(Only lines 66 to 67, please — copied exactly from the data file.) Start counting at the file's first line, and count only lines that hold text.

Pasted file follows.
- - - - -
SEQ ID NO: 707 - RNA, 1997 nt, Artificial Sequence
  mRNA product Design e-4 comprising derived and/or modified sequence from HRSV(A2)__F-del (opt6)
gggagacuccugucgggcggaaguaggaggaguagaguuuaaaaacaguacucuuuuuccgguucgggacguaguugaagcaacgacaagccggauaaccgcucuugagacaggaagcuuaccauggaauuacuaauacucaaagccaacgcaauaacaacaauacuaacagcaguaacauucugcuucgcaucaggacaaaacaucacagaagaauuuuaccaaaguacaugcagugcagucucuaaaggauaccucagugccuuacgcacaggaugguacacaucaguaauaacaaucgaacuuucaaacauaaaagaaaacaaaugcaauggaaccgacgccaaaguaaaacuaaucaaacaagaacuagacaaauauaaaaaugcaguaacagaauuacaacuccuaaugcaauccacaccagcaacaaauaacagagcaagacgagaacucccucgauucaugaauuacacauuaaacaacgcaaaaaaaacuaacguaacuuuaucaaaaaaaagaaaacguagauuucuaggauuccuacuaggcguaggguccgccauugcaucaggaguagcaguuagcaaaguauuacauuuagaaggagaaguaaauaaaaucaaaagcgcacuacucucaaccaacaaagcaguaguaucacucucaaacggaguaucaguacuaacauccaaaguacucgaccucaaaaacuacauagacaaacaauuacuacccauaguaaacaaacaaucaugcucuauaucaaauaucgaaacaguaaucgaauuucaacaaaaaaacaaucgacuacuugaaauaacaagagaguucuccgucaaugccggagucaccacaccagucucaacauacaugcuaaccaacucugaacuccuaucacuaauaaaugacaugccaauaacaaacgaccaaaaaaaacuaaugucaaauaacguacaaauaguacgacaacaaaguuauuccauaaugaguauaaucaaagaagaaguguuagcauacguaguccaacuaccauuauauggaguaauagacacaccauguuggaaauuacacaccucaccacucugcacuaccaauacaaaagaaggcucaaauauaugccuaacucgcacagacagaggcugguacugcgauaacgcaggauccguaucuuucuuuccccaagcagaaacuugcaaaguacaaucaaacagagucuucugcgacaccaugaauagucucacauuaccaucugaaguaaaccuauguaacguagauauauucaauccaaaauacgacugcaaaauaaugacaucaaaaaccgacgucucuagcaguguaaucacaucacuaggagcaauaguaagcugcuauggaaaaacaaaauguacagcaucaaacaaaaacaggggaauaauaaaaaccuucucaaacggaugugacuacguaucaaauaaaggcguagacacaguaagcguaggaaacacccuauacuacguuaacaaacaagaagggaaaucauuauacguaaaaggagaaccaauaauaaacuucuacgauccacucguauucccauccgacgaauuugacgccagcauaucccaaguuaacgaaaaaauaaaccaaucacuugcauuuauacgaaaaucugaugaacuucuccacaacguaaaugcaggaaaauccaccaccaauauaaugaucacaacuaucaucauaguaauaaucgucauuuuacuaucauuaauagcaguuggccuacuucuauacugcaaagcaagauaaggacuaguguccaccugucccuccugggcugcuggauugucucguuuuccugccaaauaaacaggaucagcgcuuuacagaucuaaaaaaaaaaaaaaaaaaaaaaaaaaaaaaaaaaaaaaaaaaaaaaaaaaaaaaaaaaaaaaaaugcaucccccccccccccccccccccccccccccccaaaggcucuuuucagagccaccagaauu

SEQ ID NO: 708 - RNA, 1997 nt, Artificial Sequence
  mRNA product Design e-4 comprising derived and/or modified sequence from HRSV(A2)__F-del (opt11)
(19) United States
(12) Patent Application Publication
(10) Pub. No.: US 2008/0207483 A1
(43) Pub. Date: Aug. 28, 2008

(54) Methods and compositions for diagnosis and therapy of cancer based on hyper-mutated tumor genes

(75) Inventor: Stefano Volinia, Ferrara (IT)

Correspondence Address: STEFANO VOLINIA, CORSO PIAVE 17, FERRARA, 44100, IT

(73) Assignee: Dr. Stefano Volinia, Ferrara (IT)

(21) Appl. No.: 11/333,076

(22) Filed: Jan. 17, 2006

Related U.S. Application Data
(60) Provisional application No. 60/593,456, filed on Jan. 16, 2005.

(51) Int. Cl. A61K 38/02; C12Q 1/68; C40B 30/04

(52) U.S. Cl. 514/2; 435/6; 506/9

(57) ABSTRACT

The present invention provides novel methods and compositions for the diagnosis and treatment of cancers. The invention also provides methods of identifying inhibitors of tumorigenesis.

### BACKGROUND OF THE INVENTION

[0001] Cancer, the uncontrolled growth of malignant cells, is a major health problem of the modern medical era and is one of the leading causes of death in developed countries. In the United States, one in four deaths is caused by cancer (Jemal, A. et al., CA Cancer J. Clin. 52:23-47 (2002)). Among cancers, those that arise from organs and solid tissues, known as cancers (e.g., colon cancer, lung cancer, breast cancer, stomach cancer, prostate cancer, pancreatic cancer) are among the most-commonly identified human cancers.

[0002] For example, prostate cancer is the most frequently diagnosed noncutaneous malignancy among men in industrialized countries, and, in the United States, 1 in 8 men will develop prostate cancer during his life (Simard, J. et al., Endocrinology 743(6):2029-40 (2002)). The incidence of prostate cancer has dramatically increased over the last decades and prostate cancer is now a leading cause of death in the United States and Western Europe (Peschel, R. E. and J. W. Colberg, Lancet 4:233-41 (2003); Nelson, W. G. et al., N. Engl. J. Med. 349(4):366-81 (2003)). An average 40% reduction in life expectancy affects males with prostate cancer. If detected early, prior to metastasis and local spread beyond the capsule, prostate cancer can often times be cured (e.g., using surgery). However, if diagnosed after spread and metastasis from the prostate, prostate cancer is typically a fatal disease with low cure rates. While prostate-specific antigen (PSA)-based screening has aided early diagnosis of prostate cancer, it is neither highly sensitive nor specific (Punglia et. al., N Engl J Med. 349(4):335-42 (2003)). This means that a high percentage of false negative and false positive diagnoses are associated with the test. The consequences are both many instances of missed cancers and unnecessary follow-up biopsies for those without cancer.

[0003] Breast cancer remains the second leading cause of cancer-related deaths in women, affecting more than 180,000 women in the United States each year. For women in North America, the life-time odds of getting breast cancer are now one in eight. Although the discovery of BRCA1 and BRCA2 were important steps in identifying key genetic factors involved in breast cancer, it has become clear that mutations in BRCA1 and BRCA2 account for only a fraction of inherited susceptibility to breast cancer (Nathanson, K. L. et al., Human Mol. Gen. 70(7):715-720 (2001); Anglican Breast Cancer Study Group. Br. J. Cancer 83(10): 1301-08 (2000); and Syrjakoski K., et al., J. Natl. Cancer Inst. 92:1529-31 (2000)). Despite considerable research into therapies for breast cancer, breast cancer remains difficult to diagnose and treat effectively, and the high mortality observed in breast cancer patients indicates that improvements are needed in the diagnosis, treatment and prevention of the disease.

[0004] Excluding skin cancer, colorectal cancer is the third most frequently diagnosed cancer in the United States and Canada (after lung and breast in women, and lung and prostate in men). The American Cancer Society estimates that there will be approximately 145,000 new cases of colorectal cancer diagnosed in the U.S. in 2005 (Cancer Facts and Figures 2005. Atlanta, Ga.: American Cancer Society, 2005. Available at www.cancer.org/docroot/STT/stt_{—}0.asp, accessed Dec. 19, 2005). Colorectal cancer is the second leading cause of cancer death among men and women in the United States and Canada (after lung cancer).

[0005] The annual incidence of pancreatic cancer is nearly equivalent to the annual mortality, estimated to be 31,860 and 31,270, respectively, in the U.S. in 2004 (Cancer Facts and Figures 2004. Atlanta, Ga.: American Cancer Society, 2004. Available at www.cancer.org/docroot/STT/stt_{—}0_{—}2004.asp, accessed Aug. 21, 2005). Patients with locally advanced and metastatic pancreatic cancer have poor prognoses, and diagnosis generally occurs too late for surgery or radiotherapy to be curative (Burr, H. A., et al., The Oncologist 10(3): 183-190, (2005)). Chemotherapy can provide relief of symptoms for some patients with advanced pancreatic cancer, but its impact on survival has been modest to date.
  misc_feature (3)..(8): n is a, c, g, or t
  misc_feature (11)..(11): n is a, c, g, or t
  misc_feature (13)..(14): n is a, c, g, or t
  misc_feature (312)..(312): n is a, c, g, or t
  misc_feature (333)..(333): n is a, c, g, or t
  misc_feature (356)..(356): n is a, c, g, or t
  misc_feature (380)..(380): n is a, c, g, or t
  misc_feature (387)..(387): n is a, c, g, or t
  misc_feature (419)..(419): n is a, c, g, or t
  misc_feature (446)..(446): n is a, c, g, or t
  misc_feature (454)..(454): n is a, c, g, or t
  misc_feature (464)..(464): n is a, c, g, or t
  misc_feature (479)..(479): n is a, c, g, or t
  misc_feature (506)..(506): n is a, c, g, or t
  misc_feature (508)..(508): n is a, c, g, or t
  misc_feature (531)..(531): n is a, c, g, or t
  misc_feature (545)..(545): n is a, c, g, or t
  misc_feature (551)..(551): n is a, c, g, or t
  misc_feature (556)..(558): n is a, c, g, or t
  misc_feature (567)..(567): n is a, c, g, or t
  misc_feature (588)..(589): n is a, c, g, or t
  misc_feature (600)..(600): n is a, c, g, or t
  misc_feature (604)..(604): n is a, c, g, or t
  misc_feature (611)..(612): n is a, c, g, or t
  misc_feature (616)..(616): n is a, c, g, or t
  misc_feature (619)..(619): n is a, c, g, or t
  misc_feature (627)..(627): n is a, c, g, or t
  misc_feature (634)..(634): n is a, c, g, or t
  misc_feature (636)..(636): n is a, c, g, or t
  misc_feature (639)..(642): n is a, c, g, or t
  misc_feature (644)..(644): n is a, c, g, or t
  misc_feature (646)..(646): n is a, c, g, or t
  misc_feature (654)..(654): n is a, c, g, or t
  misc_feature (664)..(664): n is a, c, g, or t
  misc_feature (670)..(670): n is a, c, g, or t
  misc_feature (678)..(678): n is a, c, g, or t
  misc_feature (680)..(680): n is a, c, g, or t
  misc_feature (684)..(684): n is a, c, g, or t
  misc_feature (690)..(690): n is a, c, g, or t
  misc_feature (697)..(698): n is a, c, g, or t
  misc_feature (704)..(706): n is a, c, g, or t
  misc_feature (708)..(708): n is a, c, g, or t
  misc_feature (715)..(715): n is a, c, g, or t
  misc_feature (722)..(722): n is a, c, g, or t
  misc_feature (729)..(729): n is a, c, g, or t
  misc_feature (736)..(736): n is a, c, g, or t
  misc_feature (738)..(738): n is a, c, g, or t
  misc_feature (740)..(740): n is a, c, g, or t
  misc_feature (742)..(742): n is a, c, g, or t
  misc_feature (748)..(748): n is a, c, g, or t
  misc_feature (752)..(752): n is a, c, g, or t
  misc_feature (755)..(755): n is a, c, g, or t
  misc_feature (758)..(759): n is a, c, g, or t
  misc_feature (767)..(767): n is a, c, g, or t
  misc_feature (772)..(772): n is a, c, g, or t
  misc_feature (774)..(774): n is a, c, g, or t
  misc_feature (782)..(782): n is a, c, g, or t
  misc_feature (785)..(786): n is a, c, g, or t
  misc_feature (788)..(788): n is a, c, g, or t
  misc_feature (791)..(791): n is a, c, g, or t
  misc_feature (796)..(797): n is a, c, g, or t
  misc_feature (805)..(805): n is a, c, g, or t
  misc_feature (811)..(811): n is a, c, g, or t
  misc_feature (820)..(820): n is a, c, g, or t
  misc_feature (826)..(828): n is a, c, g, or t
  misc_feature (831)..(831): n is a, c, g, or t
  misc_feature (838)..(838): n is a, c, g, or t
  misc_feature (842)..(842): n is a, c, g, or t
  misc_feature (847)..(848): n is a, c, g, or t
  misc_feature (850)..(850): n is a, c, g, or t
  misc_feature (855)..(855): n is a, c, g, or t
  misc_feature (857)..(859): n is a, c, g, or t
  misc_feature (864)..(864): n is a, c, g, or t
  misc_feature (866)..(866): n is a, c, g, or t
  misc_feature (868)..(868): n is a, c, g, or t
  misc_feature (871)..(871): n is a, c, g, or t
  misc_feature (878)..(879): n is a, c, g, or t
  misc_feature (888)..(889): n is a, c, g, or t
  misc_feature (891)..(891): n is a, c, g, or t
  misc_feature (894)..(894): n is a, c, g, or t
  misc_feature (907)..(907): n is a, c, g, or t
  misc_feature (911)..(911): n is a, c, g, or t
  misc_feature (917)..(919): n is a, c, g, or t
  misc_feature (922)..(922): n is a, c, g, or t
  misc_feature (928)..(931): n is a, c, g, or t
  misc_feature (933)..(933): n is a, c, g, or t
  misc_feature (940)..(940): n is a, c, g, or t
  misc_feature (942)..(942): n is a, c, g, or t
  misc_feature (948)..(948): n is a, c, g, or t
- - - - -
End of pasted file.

  misc_feature (690)..(690): n is a, c, g, or t
  misc_feature (697)..(698): n is a, c, g, or t